New paper on the smallest mono-unstable convex polyhedron with point masses

The smallest mono-unstable convex polyhedron with point masses has 8 faces and 11 vertices
Dávid Papp, Krisztina Regős, Gábor Domokos, Sándor Bozóki

Abstract: In the study of monostatic polyhedra, initiated by John H. Conway in 1966, the main question is to construct such an object with the minimal number of faces and vertices. By distinguishing between various material distributions and stability types, this expands into a small family of related questions. While many upper and lower bounds on the necessary numbers of faces and vertices have been established, none of these questions has been so far resolved. Adapting an algorithm presented in Bozóki et al. (2022), here we offer the first complete answer to a question from this family: by using the toolbox of semidefinite optimization to efficiently generate the hundreds of thousands of infeasibility certificates, we provide the first-ever proof for the existence of a monostatic polyhedron with point masses, having minimal number (V=11) of vertices (Theorem 3) and a minimal number (F=8) of faces. We also show that V=11 is the smallest number of vertices that a mono-unstable polyhedron can have in all dimensions greater than 1.

National Scientific Students’ Associations Conference 2023

Several presentations were held in the session for Mathematics, Physics and Geosciences of the 36th National Scientific Students’ Associations Conference in relation with the Morphodynamics Research Group. Gergő Almádi has been awarded by 3rd prize for his presentation entitled Inhomogén politópok mechanikai komplexitása – avagy van-e egy tetraédernek lelke?, under the supervision of Gábor Domokos and Krisztina Regős. Ágoston Szesztay (Iteratív módon csonkolt poliéderek statikai egyenúlyáról) and Máté Szondi (A kvantummechanikai állapottér egy felbontása által indukált geometria) got special prizes.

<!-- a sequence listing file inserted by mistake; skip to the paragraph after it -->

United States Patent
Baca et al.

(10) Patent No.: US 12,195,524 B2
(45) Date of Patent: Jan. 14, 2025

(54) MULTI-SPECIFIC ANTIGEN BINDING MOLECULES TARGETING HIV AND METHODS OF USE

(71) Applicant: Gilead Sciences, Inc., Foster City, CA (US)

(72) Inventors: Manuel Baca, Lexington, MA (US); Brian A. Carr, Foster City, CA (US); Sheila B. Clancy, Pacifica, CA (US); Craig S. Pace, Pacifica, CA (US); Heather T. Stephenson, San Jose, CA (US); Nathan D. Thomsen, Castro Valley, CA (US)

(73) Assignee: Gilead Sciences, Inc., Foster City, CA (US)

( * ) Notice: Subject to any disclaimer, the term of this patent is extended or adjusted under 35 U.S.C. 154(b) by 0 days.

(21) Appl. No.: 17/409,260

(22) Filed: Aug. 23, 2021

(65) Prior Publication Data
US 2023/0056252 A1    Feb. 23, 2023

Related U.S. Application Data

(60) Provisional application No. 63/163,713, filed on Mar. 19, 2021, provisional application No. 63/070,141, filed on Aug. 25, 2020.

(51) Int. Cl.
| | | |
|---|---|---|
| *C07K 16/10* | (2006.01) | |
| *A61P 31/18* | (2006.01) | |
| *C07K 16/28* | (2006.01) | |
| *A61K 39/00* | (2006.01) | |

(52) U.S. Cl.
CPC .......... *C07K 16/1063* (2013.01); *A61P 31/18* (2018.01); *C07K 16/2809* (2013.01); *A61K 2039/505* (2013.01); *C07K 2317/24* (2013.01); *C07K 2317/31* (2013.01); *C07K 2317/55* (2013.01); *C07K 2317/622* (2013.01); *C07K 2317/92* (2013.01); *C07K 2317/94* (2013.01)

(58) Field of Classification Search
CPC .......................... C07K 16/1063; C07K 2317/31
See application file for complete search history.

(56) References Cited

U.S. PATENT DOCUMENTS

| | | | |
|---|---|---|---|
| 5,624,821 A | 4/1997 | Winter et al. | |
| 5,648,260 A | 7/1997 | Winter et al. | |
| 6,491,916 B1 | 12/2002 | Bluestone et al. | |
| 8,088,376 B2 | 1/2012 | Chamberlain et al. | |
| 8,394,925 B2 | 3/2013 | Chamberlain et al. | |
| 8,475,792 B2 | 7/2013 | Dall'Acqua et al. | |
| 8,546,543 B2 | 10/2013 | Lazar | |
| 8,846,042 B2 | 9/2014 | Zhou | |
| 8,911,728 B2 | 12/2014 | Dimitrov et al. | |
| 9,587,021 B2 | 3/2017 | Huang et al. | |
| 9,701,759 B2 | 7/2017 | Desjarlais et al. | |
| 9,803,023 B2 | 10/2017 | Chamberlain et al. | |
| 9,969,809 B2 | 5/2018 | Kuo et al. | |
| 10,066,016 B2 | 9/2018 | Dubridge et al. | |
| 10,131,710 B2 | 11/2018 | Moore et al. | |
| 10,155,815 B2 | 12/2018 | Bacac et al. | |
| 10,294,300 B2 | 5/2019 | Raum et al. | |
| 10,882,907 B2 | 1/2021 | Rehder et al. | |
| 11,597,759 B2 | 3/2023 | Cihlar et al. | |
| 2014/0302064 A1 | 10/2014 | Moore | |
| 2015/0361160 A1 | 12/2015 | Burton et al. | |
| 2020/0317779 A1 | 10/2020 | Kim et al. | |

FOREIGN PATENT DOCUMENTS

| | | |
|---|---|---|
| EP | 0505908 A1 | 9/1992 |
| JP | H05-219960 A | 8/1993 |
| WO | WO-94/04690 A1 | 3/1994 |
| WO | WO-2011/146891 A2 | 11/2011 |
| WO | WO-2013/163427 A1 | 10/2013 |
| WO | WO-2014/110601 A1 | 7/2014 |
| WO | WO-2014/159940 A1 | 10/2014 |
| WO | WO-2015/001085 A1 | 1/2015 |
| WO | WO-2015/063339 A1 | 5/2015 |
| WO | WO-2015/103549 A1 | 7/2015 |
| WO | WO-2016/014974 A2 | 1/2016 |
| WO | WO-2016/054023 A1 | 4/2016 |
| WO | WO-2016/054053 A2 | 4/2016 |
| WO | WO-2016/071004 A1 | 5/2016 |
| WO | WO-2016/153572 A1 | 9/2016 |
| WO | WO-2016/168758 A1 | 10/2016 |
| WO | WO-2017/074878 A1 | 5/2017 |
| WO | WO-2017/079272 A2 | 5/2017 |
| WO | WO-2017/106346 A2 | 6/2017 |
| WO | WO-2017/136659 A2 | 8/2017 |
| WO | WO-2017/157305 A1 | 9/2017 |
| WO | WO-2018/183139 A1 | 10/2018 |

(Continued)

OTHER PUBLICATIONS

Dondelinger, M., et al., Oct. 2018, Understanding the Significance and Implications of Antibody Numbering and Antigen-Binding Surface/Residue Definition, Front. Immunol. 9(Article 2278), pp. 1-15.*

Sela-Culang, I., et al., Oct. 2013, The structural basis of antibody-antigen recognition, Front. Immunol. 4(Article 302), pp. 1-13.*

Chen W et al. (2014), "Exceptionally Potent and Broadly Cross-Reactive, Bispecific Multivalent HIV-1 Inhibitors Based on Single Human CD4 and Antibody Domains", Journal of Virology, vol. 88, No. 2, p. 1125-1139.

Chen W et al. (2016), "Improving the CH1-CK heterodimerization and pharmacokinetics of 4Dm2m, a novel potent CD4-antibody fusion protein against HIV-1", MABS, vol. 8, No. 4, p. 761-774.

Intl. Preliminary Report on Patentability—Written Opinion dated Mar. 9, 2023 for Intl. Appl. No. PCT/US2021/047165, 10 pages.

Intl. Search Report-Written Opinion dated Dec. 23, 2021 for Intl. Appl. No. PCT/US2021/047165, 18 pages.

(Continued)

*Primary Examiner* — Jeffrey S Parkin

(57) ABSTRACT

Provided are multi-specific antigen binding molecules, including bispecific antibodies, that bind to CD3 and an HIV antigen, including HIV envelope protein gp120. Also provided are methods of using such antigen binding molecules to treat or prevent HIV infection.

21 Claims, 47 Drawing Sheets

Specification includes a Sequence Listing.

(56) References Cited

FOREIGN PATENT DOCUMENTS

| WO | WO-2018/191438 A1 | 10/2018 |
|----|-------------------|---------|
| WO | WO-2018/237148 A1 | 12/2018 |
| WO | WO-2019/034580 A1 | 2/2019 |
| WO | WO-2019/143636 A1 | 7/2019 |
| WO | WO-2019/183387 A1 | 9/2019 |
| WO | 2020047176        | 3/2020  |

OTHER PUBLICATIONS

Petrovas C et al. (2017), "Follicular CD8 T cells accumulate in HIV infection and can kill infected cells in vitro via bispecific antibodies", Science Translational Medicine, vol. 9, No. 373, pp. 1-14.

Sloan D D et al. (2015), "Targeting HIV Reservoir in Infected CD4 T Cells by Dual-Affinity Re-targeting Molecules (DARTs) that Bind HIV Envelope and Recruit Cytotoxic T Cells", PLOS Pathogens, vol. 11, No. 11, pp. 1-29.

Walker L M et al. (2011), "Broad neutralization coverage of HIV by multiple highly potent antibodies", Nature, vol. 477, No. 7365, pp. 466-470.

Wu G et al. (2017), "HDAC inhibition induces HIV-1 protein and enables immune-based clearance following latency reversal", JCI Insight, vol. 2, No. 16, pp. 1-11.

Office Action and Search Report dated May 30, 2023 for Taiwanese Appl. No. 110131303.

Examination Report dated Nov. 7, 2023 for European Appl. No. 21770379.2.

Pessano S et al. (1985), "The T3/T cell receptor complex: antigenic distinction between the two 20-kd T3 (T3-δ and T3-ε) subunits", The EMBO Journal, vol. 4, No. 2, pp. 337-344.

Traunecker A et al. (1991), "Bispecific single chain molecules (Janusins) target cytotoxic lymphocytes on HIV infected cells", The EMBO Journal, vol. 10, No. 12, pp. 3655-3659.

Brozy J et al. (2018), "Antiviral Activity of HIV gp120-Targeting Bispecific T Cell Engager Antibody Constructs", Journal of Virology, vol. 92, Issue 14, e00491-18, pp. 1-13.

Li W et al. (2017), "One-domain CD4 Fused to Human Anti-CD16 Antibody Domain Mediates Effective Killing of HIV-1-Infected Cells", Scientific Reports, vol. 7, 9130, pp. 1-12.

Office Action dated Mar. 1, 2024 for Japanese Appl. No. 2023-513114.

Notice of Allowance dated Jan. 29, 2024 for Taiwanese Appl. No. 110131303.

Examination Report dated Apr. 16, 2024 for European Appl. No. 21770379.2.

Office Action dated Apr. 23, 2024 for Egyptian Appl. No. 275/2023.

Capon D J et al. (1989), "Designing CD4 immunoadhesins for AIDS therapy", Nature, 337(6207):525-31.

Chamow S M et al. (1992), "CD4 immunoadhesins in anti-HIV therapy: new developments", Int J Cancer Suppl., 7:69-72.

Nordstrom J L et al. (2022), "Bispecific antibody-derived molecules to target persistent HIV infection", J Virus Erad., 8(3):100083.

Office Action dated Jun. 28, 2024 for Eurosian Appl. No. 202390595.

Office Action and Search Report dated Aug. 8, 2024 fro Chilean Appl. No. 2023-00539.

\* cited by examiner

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New paper on polygonal tessellations in nanochemistry

Polygonal tessellations as predictive models of molecular monolayers
Krisztina Regős et al.

Abstract: Molecular self-assembly plays a very important role in various aspects of technology as well as in biological systems. Governed by covalent, hydrogen or van der Waals interactions–self-assembly of alike molecules results in a large variety of complex patterns even in two dimensions (2D). Prediction of pattern formation for 2D molecular networks is extremely important, though very challenging, and so far, relied on computationally involved approaches such as density functional theory, classical molecular dynamics, Monte Carlo, or machine learning. Such methods, however, do not guarantee that all possible patterns will be considered and often rely on intuition. Here, we introduce a much simpler, though rigorous, hierarchical geometric model founded on the mean-field theory of 2D polygonal tessellations to predict extended network patterns based on molecular-level information. Based on graph theory, this approach yields pattern classification and pattern prediction within well-defined ranges. When applied to existing experimental data, our model provides a different view of self-assembled molecular patterns, leading to interesting predictions on admissible patterns and potential additional phases. While developed for hydrogen-bonded systems, an extension to covalently bonded graphene-derived materials or 3D structures such as fullerenes is possible, significantly opening the range of potential future applications.